HOUSTON, WE HAVE A PROBLEM 2007

  

 

Free Speech At Christmas

 

Catching up with far-flung relatives and friends over Christmas is as traditional as mince pies and The Queenís Speech but it generally involves expensive international phone calls, and keeping a close eye on the clock.

 

Wouldnít it be great if you could chat with Aunt Maud in Australia for as long as you like, without worrying about the cost?  Well, you can, all you need is a computer and a broadband Internet connection. If the person you are calling is similarly equipped it neednít cost either of you a bean, and if you both have webcams you can see as well as talk to each other.

 

So how is it done? In the same way that web pages and emails travel around the Internet as Ďpacketsí of data so too can your voice and image. Itís called VOIP or Voice Over Internet Protocol and well as PC-to-PC calls most services allow you to call landline and mobile phones from your computer, usually for a faction of the cost of a normal call.

 

VOIP technology has a couple of drawbacks, you canít make emergency calls and both parties on a PC-to-PC connection have to use compatible software. Otherwise itís all good news, itís easy to setup and use and call quality can be as good, and sometimes even better than a regular phone call.

 

If you want to try it for yourself the best place to start is Skype (www.skype.com). Itís free and you can download the necessary software from the Internet or pick up a USB Skype Phone or a starter pack (which usually contains a headset/microphone and an installation disc). You can use your PCís speakers and an external or built-in microphone but a headset gives you privacy and they only cost £5.00 or so from on-line sellers and stores like Curryís Digital and Maplin. Dedicated VOIP phones, with a proper keypad and display, start at under £10; shortlist models with free Skype Out minutes, so you can call landline and mobile phones. Thereís even a Wi-Fi phone for Skype, made by Belkin (around £50 from Amazon), that lets you make and take calls (using the Skype In service) when your PC is switched off, or whilst out and about from wireless hotspots.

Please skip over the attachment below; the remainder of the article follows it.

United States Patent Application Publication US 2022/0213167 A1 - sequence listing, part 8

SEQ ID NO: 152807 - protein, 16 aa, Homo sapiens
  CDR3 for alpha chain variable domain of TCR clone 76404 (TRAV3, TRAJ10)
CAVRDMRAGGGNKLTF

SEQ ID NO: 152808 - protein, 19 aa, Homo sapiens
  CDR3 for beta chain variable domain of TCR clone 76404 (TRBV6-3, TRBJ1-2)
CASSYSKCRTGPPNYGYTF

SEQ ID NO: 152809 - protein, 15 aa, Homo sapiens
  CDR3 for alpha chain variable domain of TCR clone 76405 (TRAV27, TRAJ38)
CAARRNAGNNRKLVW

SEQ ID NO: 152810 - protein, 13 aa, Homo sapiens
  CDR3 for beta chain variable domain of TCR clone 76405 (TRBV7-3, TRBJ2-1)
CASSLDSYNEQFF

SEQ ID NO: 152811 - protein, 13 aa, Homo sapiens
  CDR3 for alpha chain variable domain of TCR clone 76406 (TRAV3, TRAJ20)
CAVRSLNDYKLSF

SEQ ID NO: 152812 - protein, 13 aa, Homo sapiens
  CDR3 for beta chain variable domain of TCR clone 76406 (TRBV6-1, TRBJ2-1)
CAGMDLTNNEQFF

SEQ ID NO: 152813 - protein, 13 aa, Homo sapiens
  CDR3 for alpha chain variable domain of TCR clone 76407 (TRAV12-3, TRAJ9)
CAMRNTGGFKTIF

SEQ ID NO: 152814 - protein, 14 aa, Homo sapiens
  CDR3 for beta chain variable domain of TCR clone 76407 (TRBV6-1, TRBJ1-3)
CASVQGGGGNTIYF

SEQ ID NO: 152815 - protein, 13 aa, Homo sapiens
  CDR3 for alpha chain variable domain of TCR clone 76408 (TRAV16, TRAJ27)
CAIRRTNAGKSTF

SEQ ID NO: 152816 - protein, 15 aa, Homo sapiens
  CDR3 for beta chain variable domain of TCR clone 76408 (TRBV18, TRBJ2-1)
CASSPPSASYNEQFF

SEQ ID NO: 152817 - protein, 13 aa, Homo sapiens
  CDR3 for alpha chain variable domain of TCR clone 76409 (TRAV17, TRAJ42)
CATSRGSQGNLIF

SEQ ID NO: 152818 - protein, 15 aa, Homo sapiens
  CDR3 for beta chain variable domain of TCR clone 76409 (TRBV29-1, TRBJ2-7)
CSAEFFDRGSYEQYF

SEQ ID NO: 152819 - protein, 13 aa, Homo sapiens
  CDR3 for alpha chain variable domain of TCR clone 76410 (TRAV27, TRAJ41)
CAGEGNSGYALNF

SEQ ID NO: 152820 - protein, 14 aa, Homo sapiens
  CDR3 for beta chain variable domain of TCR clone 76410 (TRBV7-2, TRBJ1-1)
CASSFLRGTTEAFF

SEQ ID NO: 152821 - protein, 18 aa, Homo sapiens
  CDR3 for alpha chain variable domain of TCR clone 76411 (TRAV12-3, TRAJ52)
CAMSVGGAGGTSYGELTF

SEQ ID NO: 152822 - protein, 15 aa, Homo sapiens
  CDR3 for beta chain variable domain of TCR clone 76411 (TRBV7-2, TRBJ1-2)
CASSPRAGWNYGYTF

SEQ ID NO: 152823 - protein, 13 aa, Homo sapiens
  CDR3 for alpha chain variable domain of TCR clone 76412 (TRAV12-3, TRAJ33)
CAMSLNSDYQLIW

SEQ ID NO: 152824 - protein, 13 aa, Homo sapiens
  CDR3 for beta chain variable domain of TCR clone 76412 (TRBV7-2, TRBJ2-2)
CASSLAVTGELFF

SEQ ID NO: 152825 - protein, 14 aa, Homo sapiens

The software only takes a couple of minutes to install after which you are ready to go. If the person you are calling also has a Skype account add their name to your Contacts list and it tells you when they are on line. If you have Skype Out minutes (purchased separately for around £5.00) simply dial the landline or mobile number as you would on a normal phone.

 

There are plenty of alternatives to Skype, like Google Talk (http://www.google.com/talk/); this is also free and thereís an option to connect through your browser, so thereís no need to download any software. VoipBuster (http://www.voipbuster.com/en/) lets you make free PC calls to landlines and mobiles in more than 30 countries, you can also send SMS Text messages for just 0.035 pence. The latest Skype software has a basic two-way video facility but for multi-way video calls have a look at ooVoo (http://oovoo.com/), which lets up to 6 users share an audio and video link.

 

It will be a while before your PC replaces your normal phone but give it time the technology is evolving fast! Meanwhile thereís probably several people you havenít spoken to lately, who would really appreciate finding a USB VOIP phone in their stockings this Christmas.

 

 

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© Rick Maybury 2007 1311

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